CW: This article describes the sexualization and objectification of East Asian women, including racial slurs, and may be triggering to some readers.
As a child, I was constantly being inundated with the same images on the television: white people who were beautiful and had interesting stories to tell. But rarely did I ever see anyone who looked like me. If by some chance, there happened to be an Asian female character, the choices were scarce: a hyper-sexualized, martial arts sidekick, a socially awkward brainiac, or a timid, obedient girl pursued by a powerful white man.
I could not identify with any of these tropes as a child, and still cannot, as an adult.
Only in my teenage years did I realize how detrimental this misrepresentation was for the perception I had of myself and other East Asian people.
Growing up, as I am sure many East Asian kids can relate to, I received plenty of “ching chongs” or “your eyes are so small – how do you even see?” Very quickly, I became ashamed of the way I looked and the sound of my own language. This yearning to fit in completely overpowered my will to understand or connect with my own culture. Although I am fluent in Cantonese, at school, I did everything in my power to appear as detached from my language and culture as possible. I had been conditioned to believe that in order to be considered a ‘cool Asian’, I had to appear more white. I had to be ‘whitewashed’. As the years went on, I even started to make fun of my own culture, imitating a broken Chinese accent and laughing at how funny it sounded.
To this day, I feel ashamed that I ever mocked my own language, knowing the struggles my grandparents and parents experienced integrating into Australian society in order to provide me with the life that I have.
However, in just a few short years, everything had changed. When I entered university, people seemed to approach me differently. My physical appearance, which had been shamed and mocked my entire life, was now suddenly seen as desirable or ‘exotic’. White boys would approach me at parties and boast about having “yellow fever” or express that I was “pretty for an Asian girl”. In all honesty, at the time part of me found these comments somewhat flattering, but another part of me grappled with the idea that they were backhanded and uncomfortable. Now, as a 22-year-old Chinese woman, I finally understand how offensive these comments really are.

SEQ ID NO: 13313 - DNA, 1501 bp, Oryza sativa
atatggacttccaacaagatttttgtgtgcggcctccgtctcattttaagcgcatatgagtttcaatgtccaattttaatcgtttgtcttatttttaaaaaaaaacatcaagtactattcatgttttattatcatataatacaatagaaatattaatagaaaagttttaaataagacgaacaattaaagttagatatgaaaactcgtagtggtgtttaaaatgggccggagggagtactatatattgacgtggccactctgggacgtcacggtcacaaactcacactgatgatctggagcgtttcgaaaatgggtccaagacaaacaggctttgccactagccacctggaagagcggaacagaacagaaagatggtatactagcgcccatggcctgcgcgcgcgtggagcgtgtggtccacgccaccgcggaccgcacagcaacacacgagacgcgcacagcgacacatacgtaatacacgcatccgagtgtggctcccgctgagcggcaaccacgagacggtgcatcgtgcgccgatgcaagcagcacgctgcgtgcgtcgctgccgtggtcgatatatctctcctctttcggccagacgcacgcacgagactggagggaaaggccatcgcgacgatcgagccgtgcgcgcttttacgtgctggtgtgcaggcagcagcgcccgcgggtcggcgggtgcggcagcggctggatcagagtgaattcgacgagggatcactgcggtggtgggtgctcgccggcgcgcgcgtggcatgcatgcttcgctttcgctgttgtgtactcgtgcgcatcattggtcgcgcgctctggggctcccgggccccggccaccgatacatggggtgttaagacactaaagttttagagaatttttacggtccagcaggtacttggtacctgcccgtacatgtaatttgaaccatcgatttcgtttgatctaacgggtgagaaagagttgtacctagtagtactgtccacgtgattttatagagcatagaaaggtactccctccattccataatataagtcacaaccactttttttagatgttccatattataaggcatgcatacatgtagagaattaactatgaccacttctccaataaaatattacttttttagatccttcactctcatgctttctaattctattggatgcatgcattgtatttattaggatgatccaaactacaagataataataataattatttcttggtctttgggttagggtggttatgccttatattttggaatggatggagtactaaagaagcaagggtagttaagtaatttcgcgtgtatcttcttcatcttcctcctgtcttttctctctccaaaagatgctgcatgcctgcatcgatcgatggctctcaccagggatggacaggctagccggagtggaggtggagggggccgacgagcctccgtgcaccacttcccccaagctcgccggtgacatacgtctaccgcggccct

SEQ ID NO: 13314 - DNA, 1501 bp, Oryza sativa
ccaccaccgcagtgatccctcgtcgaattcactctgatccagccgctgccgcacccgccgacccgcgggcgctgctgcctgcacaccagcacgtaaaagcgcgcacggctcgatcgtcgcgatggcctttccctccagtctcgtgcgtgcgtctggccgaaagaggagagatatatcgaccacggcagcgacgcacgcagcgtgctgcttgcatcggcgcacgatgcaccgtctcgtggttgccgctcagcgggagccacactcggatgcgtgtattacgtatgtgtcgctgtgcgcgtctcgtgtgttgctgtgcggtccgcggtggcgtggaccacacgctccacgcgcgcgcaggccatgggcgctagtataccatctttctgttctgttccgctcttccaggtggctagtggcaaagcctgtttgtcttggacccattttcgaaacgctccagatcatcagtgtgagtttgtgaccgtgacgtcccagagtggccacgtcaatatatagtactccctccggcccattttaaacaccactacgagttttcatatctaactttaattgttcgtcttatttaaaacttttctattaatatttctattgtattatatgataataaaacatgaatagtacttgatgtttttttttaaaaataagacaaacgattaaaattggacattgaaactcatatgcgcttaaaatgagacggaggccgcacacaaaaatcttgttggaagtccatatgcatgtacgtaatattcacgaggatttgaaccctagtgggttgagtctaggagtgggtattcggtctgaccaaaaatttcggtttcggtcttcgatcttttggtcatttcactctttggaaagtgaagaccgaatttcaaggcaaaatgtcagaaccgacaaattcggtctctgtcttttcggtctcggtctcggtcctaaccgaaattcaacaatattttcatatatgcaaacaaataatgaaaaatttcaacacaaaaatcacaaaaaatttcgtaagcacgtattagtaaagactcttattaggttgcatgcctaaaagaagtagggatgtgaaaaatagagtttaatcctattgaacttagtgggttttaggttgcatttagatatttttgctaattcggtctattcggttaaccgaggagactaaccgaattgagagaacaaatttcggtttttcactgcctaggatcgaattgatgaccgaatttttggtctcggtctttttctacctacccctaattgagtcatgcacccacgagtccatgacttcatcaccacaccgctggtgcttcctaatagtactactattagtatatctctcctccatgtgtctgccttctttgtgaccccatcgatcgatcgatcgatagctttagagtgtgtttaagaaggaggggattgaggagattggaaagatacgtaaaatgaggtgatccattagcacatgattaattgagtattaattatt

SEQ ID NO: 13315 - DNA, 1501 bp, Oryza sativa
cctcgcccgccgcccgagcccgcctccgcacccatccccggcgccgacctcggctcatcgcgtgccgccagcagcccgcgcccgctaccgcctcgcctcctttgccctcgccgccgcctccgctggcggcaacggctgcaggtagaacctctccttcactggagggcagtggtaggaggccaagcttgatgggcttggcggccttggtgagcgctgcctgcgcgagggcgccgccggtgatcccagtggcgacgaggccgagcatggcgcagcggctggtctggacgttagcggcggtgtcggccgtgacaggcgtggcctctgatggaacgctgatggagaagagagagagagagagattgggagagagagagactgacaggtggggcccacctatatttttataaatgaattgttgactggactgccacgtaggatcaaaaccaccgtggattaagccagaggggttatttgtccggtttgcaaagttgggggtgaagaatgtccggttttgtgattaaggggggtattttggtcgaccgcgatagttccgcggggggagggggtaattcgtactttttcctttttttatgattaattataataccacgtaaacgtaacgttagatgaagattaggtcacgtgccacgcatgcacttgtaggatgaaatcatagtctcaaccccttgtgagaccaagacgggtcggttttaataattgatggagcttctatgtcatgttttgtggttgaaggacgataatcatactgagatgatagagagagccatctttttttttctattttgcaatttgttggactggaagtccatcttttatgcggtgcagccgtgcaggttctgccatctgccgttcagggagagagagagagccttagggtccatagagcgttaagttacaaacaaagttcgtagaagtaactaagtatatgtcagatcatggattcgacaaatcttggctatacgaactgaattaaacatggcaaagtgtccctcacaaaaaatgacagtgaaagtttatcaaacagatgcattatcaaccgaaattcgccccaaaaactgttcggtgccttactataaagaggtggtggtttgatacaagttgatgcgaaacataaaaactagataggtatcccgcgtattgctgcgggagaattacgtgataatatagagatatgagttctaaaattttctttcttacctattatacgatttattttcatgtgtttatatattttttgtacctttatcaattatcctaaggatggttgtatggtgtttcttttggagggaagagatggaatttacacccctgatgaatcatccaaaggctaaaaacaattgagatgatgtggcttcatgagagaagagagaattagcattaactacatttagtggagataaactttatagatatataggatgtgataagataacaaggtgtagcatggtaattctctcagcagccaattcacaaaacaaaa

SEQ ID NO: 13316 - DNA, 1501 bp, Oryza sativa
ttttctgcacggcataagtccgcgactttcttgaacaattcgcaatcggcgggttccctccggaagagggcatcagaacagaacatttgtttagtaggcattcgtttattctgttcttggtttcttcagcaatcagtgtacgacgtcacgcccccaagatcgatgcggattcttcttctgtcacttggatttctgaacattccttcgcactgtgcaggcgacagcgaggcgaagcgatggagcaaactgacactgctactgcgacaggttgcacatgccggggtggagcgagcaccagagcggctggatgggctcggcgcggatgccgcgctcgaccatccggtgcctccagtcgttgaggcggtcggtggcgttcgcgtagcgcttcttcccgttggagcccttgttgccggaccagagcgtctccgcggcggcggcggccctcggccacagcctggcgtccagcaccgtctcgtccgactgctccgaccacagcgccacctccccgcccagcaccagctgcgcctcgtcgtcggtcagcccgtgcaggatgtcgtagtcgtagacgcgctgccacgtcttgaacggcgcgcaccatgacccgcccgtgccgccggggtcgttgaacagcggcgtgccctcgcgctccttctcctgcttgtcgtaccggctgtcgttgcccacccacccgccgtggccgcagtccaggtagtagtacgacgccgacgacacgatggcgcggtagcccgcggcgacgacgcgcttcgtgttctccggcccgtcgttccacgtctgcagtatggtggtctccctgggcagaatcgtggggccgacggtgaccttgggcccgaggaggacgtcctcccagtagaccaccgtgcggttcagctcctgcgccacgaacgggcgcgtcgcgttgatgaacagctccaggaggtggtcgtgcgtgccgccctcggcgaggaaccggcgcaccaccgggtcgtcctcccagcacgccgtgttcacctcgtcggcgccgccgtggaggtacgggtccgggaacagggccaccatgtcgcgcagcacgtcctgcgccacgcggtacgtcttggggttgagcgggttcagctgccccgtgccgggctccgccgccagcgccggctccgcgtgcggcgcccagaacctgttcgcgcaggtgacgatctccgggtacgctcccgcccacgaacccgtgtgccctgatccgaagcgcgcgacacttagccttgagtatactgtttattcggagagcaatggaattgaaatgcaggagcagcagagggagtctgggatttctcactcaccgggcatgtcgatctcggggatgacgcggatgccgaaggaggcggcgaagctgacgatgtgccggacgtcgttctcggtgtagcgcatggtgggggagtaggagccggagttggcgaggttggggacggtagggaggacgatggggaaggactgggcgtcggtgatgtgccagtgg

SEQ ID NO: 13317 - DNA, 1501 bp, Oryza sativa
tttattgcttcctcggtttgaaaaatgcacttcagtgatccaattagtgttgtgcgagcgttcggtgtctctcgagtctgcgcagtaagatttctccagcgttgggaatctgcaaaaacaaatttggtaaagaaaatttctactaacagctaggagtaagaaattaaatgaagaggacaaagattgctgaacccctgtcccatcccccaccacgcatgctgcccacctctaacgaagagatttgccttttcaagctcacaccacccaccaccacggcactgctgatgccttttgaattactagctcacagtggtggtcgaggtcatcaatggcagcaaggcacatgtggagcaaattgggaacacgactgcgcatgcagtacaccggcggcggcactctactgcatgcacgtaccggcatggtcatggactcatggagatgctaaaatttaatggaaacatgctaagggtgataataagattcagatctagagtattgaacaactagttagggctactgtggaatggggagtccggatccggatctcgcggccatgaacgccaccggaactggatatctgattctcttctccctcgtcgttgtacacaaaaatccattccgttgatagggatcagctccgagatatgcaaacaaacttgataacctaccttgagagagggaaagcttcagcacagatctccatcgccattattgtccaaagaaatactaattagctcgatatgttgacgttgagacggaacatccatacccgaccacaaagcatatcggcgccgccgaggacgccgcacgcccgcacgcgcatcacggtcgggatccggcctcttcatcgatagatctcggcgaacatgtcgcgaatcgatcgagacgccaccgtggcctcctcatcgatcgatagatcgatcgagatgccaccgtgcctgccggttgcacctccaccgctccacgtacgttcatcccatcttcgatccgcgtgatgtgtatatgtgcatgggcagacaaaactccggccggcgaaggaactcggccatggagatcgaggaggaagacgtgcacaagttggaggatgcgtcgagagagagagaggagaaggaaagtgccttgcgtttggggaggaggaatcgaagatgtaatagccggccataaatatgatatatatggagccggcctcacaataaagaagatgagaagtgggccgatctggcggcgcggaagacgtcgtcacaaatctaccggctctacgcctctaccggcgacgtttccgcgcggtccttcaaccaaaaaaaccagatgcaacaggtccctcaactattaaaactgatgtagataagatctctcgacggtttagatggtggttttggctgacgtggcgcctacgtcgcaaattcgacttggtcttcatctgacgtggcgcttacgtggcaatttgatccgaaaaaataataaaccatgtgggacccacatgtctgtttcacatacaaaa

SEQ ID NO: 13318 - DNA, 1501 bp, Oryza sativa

Saying I am beautiful for an Asian is seemingly complimentary, but in reality, only reinforces the ‘otherness’ of Asian women and emphasizes that my culture is somehow a detriment, which my looks make up for. It means that as soon as I am found attractive, my beauty is judged under white or Euro-centric standards. This notion that my culture, my language, and my skin color are ‘too foreign’ to be normal has carried through from my childhood until today and continues to impact the way I perceive my own identity.
The hyper-sexualization of East Asian women has become normalized: Lucy Liu in a tight leather bodysuit, a Japanese schoolgirl fighting in a short skirt, a Chinese woman being heartbroken by a handsome, white soldier. And I am sick of it. I am sick of people coming up to me on the street and saying “Ni Hao, china doll”. Telling me you like Chinese girls is not flattering, it’s objectifying and insulting. I am more than the racialized fetish or sexual fantasies framed by the gaze of white men.
My race should not be a prerequisite for how dateable I am and I refuse to be limited to the images I have been fed my entire life by Western media, which is only now beginning to change.
It may have taken years and countless inner conflicts but I have finally arrived. I love being Australian Born Chinese. I can speak three different languages and am lucky enough to have two homes: Australia and Hong Kong. I have the privilege of living in dual cultures, both of which inform fundamental parts of my identity.
So let’s make this clear.
Telling me you have yellow fever or that you are “into Asian girls” is not a turn-on.
Telling me that I am beautiful for a Chinese person is not flattering, nor is it a compliment.
I am who I am because of my culture. And you are too.